1. Who gets to be the boss often depends on who was lucky enough to be in the right place first.
    2. Getting people to do the right thing depends upon ability, luck has little or nothing to do with it.
    1. As far as world affairs are concerned, most of us are the victims of forces we can neither understand, nor control.
    2. By taking an active part in political and social affairs people can control world events.
    1. Most people don't realise the extent to which their lives are controlled by accidental happenings.
    2. There really is no such thing as luck.
    1. It is hard to know whether or not a person really likes you.
    2. How many friends you have depends upon how nice a person you are.
    1. In the long run the bad things that happen to us are balanced by the good ones.
    2. Most misfortunes are the result of lack of ability, ignorance, laziness, or all three.
    1. With enough effort we can wipe out political corruption.
    2. It is difficult for people to have much control over the things politicians do in office.
    1. Sometimes I can't understand how teachers arrive at the grades they give.
    2. There is a direct connection between how hard I study and the grades I get.
    1. Many times I feel that I have little influence over the things that happen to me.
    2. It is impossible for me to believe that chance or luck plays an important role in my life.
    1. People are lonely because they don't try to be friendly.
    2. There's not much use in trying too hard to please people; if they like you, they like you.
    1. What happens to me is my own doing.
    2. Sometimes I feel that I don't have enough control over the direction my life is taking.
    1. Most of the time I can't understand why politicians behave the way they do.
    2. In the long run the people are responsible for bad government on a national as well as on a local level.
 
A boy hugging his mum Copyrighted image Icon Copyright: Used with permission

Well done, you’ve finished the test. Now let’s add up the scores and see what kind of person you are.

Score one point for each of the following answers:

  1. a
  2. b
  3. b
  4. b
  5. a
  6. a
  7. a
  8. b
  9. b
  10. b
  11. b
  12. b
  13. a
  14. a
  15. a
  16. a
  17. a
  18. b
  19. a
  20. a
  21. b
  22. b
  23. a

How did you score?
Locus of Control refers to the extent to which individuals believe that they can control events that affect them.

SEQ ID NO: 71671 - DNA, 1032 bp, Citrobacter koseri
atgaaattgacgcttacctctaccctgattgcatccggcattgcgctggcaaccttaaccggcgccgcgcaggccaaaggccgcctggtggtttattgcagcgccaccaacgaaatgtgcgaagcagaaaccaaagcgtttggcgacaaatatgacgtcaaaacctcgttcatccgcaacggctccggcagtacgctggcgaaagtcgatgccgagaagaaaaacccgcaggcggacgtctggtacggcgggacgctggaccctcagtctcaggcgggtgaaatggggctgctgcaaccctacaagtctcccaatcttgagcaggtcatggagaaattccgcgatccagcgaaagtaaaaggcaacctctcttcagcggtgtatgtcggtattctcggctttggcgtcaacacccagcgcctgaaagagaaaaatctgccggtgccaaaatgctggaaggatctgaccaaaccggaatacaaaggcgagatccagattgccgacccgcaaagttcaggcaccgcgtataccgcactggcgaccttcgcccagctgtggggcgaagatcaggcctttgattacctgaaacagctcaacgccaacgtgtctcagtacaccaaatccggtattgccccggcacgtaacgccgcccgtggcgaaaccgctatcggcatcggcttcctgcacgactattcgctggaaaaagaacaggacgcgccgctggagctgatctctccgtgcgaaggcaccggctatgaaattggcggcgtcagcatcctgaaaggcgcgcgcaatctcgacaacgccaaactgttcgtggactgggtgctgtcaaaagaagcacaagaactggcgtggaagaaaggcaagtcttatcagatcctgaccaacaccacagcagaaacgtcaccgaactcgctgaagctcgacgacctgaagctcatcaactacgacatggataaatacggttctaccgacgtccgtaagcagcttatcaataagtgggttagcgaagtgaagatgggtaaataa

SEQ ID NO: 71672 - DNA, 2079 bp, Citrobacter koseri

The range of possible scores runs from zero, as the lowest, to 23, as the highest, and your score will give you an idea of where you fall on the Locus of Control scale. There’s no fixed dividing line between high, medium and low scores.

High Score
A high score means you have a high external Locus of Control.

Those with a high external locus of control believe that powerful others, fate, or chance primarily determine events.

Mid-range Score
Most people are likely to fall roughly in the middle of the range.

These people see themselves as being partly in control, but also significantly affected by outside events and circumstances.

Low Score
A low score means you have a high internal Locus of Control.

Individuals with a high internal locus of control believe that events result primarily from their own behaviour and actions.

Summary
Those with a high internal locus of control (shown by a low score) have better control of their behaviour and tend to exhibit more political behaviours than externals (the high scorers) and are more likely to attempt to influence other people; they are more likely to assume that their efforts will be successful. They are more active in seeking information and knowledge concerning their situation than do externals. The propensity to engage in political behaviour is stronger for individuals who have a low score and high internal locus of control than for those who have a high score and high external locus of control.

 

For further information, take a look at our frequently asked questions which may give you the support you need.